You could blame Robert Moses, which seems to be the fashion, or you could say it’s just the American way, that unique form of active amnesia we seem to have that means forgetting vast swaths of our history, and either painting over or demolishing the rest; either way, huge amounts of our urban landscape have been “made new” and made over, with much history — architectural and cultural — being lost along the way. We can see those faded fingerprints around us still, sometimes in lingering architectural details on the buildings that have survived one renewal or gentrification too many, and other times in the faded, hand-painted signs that cling stubbornly to those same buildings.
That brings us to Fading Ads of New York City, written by Frank Jump, the curator of the long-running Fading Ad website. I’ve lost track of how many websites have spawned books in the last few years, and how many of those books I’ve passed up because I couldn’t see myself reading them more than once, regardless of how many times the website in question made me laugh, made me think, or gave me goosebumps. With that said, I was very happy to come across this book, which takes some of Jump’s best shots and writing, and puts the lot of it between covers.
So what moves this book into the “buy” column? For starters, there are the photos. Yes, you’ll be able to see them on the website, but you won’t see them like this, in all their warm Kodachrome glory.* The signs, 70-odd of them, are captured in just the right light, and at just the right angles. These are not, in other words, half-assed snapshots from street level.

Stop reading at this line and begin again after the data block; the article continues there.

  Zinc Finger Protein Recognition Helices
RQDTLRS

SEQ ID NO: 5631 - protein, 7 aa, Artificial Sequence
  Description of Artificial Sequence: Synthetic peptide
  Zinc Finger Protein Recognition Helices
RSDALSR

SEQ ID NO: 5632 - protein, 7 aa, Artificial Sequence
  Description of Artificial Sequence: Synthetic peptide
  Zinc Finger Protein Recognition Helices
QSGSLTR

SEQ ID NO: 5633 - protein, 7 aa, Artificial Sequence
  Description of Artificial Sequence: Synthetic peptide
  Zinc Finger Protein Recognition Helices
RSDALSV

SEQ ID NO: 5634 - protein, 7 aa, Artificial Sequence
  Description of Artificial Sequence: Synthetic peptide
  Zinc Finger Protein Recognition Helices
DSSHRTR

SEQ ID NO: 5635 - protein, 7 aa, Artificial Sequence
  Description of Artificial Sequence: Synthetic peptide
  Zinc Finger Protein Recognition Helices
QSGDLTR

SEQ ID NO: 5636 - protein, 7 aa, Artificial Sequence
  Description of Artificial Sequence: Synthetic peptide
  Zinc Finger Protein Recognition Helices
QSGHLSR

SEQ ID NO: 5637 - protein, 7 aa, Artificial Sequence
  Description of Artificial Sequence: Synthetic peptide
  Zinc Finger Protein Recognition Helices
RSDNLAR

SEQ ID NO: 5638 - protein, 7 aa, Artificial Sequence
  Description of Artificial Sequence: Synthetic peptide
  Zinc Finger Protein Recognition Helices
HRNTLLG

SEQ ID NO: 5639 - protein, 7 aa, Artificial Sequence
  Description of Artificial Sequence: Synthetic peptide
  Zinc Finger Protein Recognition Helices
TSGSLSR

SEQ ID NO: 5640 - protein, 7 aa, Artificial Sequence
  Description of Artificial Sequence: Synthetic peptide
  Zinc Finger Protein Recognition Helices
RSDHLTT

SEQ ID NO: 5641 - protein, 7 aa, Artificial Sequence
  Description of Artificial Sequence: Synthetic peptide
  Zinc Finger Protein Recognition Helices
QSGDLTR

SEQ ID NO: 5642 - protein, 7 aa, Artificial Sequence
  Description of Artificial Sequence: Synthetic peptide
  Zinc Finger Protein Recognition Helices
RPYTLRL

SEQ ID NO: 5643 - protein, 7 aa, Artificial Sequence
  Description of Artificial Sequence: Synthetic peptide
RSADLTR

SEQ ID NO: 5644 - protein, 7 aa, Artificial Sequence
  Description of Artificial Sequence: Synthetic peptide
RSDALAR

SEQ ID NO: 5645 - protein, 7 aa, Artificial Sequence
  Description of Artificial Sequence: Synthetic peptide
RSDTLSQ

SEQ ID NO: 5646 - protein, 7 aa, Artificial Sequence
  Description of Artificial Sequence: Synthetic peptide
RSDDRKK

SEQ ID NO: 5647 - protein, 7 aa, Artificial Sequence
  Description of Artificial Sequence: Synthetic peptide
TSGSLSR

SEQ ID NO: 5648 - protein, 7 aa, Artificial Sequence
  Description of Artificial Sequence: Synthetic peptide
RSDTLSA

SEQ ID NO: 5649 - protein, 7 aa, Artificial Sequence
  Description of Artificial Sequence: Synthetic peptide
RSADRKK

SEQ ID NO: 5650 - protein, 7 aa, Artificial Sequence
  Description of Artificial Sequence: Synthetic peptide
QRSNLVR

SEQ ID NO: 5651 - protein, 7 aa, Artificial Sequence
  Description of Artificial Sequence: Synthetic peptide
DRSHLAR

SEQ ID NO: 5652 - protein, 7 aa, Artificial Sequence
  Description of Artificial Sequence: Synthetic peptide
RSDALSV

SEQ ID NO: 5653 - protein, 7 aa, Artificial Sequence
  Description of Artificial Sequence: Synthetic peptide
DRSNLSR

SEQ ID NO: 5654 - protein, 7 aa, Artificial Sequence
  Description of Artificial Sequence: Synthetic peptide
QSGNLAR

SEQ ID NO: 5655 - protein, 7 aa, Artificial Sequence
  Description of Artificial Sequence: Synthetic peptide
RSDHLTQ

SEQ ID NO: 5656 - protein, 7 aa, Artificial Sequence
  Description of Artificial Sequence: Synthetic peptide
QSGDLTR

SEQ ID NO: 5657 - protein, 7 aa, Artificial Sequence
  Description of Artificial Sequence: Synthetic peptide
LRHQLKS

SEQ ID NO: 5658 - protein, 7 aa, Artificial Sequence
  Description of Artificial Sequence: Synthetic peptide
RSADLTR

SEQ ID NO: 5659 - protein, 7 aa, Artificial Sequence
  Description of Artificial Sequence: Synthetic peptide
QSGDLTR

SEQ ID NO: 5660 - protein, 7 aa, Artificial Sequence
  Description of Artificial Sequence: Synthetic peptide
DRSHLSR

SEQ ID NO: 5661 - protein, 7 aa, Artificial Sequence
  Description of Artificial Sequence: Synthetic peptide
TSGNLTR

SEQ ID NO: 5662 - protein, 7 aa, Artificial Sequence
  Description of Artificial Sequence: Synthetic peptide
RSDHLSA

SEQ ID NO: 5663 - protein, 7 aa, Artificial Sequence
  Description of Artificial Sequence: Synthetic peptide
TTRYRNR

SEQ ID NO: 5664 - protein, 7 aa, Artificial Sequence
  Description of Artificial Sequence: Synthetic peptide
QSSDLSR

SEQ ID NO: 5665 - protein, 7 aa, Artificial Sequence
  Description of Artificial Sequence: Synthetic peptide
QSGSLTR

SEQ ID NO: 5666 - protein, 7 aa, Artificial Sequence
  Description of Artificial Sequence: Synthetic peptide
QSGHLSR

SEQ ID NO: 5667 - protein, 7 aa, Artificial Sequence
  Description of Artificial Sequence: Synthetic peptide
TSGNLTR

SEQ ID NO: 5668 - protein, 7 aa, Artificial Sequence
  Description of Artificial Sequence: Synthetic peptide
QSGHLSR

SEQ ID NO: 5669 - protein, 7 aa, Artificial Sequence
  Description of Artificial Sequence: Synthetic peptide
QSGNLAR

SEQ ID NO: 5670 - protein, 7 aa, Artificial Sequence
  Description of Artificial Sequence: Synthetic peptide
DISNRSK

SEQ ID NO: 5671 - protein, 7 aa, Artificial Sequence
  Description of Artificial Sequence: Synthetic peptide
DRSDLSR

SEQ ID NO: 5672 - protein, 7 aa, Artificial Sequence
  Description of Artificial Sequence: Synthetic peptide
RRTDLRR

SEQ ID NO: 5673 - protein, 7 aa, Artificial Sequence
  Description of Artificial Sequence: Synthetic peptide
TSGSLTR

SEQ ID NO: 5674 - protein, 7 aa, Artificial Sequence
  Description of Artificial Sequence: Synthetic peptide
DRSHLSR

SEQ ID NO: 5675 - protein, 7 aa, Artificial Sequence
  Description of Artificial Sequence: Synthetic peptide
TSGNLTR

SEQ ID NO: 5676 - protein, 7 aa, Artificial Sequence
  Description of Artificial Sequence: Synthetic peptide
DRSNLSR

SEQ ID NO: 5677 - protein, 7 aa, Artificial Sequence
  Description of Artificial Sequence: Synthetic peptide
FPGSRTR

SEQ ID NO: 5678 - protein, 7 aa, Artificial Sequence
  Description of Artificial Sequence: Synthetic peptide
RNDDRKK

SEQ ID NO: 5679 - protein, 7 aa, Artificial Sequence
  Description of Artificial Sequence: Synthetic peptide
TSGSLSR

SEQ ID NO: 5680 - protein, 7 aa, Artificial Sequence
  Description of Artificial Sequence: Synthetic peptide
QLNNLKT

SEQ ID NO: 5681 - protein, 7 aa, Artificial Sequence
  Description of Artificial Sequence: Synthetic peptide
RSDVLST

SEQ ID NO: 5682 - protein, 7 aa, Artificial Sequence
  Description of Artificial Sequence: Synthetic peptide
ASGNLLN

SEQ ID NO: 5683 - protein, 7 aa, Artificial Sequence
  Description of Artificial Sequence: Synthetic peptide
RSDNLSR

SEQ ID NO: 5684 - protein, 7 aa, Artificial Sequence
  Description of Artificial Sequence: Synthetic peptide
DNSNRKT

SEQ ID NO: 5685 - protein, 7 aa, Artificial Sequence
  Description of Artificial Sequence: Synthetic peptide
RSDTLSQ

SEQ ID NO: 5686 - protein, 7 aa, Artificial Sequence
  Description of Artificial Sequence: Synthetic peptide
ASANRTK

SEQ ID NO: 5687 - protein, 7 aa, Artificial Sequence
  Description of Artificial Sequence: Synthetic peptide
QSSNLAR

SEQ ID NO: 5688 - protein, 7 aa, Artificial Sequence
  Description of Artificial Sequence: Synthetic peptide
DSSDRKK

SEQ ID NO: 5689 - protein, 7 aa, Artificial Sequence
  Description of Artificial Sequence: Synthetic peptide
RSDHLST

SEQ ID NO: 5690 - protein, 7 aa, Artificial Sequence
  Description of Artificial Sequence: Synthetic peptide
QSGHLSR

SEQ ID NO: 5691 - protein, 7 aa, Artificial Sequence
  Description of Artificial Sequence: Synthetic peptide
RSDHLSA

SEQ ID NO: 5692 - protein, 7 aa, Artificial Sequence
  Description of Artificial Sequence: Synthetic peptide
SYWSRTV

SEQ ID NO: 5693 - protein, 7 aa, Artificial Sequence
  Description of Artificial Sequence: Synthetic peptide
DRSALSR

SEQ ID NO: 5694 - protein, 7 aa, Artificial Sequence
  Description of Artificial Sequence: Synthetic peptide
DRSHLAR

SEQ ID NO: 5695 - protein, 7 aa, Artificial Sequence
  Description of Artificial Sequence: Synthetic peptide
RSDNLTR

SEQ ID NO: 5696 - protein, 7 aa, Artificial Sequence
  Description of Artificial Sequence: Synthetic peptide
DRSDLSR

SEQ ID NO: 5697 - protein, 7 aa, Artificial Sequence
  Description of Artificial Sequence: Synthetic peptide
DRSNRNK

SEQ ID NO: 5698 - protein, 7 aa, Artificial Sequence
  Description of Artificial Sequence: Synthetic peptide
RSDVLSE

For another thing, there’s the writing, and lots of it, tying Jump’s own life story — including his struggle, and an uneasy truce of sorts, with HIV — to the project that’s become his life’s work. When he was diagnosed in 1986, he was told that he had perhaps four years left to live, but then he lived and kept right on living. That life, in all its ups and downs, informs not only the writing, but also the structure of the book, the sections of which are thematically grouped by parts of the body. There are also essays and reminiscences scattered throughout, some taking up bits of urban archaeology, some the long plague years of the AIDS crisis, and many of them exploring the intersection and similarities of the two, ’til the whole reads a bit like a cross between Luc Sante and Randy Shilts.
Fading Ads operates on several levels at once: personal history, urban exploration, archaeology, and reportage. And yet, it’s also much more than that, at once a witness to times and people long gone (some much too soon), as well as a testament to the longevity of a tenacious documentarian and his surprisingly tenacious subjects.
*I’ll spare you the whys and wherefores of this (for now). Suffice to say that photos reproduced on the printed page are of higher quality than those in your average e-book or on a website.